To start off, what is meningitis? Well, according to the Centers for Disease Control and Prevention:
“Meningitis is an inflammation (swelling) of the protective membranes covering the brain and spinal cord known as the meninges. This inflammation is usually caused by an infection of the fluid surrounding the brain and spinal cord. Meningitis is usually caused by bacteria or viruses, but can be a result of injury, cancer, or certain drugs. It is important to know the specific cause of meningitis because the treatment differs depending on the cause.”
Sounds scary, right? But how do we know if we have meningitis? Here are the symptoms to look out for. They can appear in any order and some may not appear at all.
- Fever or fever with cold hands and feet
- Severe headache
- Severe muscle pain
- Drowsy, difficult to wake
- Stiff neck
- Pale, blotchy skin with spots or rash
- Confusion and irritability
- Convulsions or seizures
- Dislikes bright lights
An individual who is down with meningitis could get worse very quickly, so it’s important to monitor their condition and get them timely medical help if necessary. But before you think this is an adult-only condition, meningitis could affect children due to a lack of prior immunity against the infecting agent. In fact, children who miss out on the recommended vaccinations have a higher risk of getting meningitis.
Prof. Lulu C. Bravo (Paediatric Infectious and Tropical Diseases, University of the Philippines Manila, Philippines), gives us the lowdown on the serious infection.
LWB: How common is meningitis amongst children?
PROF. LU LU: Meningitis can affect anyone, regardless of age - with infants, adolescents and young adults at greatest risk. According to a study done in the U.S., the peak infant age group at risk of bacterial meningitis – a common form of meningitis – is six to 12 months. Overall, as seen in a global study, about 50% of bacterial meningitis cases occur in children under five years old, with a second disease peak in adolescents and young adults between 15-24 years of age.1,2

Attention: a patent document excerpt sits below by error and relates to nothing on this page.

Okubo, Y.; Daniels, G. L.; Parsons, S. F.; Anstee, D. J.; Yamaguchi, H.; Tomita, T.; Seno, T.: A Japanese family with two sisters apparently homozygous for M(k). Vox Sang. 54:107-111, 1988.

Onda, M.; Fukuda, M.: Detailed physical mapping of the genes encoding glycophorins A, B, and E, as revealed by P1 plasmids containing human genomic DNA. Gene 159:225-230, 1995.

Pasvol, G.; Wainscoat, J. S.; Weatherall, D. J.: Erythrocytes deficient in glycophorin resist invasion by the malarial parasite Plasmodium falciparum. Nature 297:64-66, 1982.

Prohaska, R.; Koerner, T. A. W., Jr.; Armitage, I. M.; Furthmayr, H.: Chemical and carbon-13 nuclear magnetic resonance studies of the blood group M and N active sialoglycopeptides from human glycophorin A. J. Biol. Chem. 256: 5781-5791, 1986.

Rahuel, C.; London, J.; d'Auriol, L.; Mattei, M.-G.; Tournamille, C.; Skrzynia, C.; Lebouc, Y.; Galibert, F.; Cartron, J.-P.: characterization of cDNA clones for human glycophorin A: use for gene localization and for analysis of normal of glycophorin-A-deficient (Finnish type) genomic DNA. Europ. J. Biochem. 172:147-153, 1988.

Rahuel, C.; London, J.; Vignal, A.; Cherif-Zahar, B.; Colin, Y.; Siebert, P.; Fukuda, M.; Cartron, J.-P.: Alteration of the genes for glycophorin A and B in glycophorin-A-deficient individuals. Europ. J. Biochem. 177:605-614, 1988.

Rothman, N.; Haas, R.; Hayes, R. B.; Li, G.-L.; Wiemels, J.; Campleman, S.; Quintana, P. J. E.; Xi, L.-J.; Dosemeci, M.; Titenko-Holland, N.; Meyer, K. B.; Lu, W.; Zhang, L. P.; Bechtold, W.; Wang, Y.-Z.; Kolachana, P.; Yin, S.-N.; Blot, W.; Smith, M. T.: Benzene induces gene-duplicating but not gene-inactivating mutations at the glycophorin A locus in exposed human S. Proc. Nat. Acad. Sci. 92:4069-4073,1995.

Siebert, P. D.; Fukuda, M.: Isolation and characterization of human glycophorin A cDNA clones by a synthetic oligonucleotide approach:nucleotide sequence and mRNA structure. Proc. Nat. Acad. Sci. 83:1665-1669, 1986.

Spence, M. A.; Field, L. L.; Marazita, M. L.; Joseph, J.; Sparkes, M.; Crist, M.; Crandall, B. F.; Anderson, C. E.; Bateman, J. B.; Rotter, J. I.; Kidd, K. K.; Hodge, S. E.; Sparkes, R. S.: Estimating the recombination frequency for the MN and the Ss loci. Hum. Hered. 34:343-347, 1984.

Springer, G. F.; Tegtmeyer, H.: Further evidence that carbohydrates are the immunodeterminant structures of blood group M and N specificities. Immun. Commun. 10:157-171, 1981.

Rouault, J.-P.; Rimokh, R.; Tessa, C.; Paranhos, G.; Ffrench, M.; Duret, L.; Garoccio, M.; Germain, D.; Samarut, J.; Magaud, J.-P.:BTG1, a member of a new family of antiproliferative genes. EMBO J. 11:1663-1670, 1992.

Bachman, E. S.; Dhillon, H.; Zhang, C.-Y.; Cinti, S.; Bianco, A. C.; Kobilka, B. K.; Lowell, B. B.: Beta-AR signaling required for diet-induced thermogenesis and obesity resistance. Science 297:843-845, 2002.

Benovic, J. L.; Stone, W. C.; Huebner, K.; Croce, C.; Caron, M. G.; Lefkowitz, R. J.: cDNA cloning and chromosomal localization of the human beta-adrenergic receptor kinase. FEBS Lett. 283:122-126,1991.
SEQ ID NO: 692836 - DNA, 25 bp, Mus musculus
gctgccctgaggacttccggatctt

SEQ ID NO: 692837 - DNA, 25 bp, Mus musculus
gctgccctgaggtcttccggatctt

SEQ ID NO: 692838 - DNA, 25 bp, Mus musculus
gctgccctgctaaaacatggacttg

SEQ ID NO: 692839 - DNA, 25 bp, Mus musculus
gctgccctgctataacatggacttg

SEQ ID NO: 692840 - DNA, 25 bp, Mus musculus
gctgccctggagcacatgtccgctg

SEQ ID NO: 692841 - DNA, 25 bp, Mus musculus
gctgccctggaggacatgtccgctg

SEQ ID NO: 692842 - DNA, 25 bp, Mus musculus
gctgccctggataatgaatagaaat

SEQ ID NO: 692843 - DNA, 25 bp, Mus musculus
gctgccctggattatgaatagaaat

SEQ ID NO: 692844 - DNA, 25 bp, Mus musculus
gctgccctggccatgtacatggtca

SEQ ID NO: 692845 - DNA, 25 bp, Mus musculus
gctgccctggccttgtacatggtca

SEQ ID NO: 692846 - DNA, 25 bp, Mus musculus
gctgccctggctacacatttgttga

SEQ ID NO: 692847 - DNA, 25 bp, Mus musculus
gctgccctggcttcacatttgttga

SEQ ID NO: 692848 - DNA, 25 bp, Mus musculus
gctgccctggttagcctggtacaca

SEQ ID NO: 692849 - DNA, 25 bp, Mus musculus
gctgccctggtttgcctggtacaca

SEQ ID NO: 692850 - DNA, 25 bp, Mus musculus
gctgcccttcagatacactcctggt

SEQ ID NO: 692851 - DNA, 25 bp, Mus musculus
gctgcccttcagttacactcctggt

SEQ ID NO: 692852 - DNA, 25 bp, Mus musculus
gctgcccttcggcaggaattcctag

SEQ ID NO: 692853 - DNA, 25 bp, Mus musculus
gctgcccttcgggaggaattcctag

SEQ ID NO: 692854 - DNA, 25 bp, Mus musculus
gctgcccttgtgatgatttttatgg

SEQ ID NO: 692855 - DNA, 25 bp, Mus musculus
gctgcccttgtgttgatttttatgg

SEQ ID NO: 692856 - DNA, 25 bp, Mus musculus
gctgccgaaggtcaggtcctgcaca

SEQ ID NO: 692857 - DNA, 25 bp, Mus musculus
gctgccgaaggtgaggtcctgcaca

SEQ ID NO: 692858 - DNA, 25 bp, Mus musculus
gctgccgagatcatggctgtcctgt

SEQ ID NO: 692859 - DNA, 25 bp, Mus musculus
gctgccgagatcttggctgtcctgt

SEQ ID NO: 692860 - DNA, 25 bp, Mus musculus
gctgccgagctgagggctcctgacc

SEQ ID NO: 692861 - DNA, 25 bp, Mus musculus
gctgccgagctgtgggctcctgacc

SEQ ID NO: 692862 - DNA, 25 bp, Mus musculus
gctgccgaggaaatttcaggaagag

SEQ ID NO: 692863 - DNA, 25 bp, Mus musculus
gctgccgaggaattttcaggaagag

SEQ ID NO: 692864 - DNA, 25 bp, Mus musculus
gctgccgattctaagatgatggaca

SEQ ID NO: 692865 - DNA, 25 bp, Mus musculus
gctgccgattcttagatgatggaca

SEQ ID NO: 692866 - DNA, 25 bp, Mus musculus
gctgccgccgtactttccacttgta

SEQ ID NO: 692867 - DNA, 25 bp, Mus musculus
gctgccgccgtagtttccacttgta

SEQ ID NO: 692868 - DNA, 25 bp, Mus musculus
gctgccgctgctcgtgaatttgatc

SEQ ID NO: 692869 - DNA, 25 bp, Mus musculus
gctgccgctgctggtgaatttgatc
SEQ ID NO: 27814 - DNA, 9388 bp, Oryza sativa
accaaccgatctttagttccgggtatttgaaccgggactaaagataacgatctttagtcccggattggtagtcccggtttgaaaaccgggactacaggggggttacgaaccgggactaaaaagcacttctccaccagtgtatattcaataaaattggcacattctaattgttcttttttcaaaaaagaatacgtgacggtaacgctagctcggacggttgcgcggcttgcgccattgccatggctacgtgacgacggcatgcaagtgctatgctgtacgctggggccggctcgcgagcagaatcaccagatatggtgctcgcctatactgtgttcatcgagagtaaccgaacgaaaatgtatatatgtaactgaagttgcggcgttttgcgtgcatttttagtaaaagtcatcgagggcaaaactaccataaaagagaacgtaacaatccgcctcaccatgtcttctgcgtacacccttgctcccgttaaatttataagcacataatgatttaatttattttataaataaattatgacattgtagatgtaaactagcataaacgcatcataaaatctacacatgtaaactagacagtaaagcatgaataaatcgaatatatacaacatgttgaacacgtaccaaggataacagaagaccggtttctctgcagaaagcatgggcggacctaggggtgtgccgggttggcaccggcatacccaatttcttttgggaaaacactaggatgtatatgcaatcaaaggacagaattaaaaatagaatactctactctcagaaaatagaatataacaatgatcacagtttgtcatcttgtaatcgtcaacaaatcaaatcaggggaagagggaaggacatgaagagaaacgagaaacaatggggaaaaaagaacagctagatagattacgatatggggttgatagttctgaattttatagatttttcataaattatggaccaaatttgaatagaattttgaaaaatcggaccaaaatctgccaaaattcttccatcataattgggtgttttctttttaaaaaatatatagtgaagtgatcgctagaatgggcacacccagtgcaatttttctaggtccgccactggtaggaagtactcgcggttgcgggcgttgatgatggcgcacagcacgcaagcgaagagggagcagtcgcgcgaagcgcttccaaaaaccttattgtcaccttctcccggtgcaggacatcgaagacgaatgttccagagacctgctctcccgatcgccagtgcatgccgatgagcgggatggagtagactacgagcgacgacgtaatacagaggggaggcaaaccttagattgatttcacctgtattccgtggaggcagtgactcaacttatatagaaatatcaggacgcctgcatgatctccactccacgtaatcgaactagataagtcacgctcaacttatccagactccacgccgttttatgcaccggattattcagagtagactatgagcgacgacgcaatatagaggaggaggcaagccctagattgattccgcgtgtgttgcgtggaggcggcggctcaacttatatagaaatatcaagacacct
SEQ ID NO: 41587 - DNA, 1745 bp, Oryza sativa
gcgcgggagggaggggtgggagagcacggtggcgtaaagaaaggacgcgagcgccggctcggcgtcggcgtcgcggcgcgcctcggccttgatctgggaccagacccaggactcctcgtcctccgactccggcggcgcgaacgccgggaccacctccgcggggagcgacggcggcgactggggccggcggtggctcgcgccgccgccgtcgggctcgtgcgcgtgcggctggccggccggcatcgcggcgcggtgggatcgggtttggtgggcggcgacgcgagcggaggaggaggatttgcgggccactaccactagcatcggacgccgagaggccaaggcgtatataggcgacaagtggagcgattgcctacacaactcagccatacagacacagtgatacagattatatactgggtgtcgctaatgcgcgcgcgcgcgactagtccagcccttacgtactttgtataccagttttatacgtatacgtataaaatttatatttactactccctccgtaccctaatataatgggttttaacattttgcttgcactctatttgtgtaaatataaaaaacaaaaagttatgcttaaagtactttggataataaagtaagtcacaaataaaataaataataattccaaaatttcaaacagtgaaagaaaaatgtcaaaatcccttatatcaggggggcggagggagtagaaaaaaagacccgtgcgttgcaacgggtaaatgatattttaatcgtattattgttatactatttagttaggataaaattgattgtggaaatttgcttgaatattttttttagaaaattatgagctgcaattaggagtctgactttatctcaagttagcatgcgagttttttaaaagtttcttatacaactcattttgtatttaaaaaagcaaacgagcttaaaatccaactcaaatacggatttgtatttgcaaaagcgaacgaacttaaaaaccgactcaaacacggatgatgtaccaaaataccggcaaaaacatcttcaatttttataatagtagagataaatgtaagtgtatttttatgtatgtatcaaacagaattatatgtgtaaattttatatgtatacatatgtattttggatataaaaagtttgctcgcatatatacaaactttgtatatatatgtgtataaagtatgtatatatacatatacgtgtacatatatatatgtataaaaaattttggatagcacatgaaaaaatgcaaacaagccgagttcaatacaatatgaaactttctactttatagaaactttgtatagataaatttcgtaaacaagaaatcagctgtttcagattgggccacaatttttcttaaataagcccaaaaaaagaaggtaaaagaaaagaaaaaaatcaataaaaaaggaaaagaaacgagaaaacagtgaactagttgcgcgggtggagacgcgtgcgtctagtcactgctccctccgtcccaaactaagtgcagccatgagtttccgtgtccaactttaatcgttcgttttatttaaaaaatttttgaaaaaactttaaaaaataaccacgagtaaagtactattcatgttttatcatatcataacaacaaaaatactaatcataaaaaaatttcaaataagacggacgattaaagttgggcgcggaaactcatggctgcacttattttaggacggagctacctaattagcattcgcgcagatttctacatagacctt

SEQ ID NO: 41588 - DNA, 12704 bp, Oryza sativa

A vaccine is currently available in Singapore for children older than 2 years of age, but what about younger children?
In Singapore, two types of vaccines are available – the polysaccharide vaccine is used for children aged two and above, while the conjugate vaccine is available for use in infants, children and adults. Compared to existing polysaccharide vaccines, the new meningococcal conjugate vaccine has several advantages:3
- It is known to be more effective in protecting children under two years who do not respond to conventional polysaccharide vaccines.
- It also offers a higher and more sustainable immune response against certain strains of the bacteria and its transmission.
- The conjugate vaccine offers a longer-term protection and can potentially prevent transmission by reducing the carriage of bacteria in the throat. (10% to 20% of the population is believed to carry the bacteria in their throat at any given time.4 During dense gatherings such as the Hajj pilgrimage, it can rise to as high as 80%.5)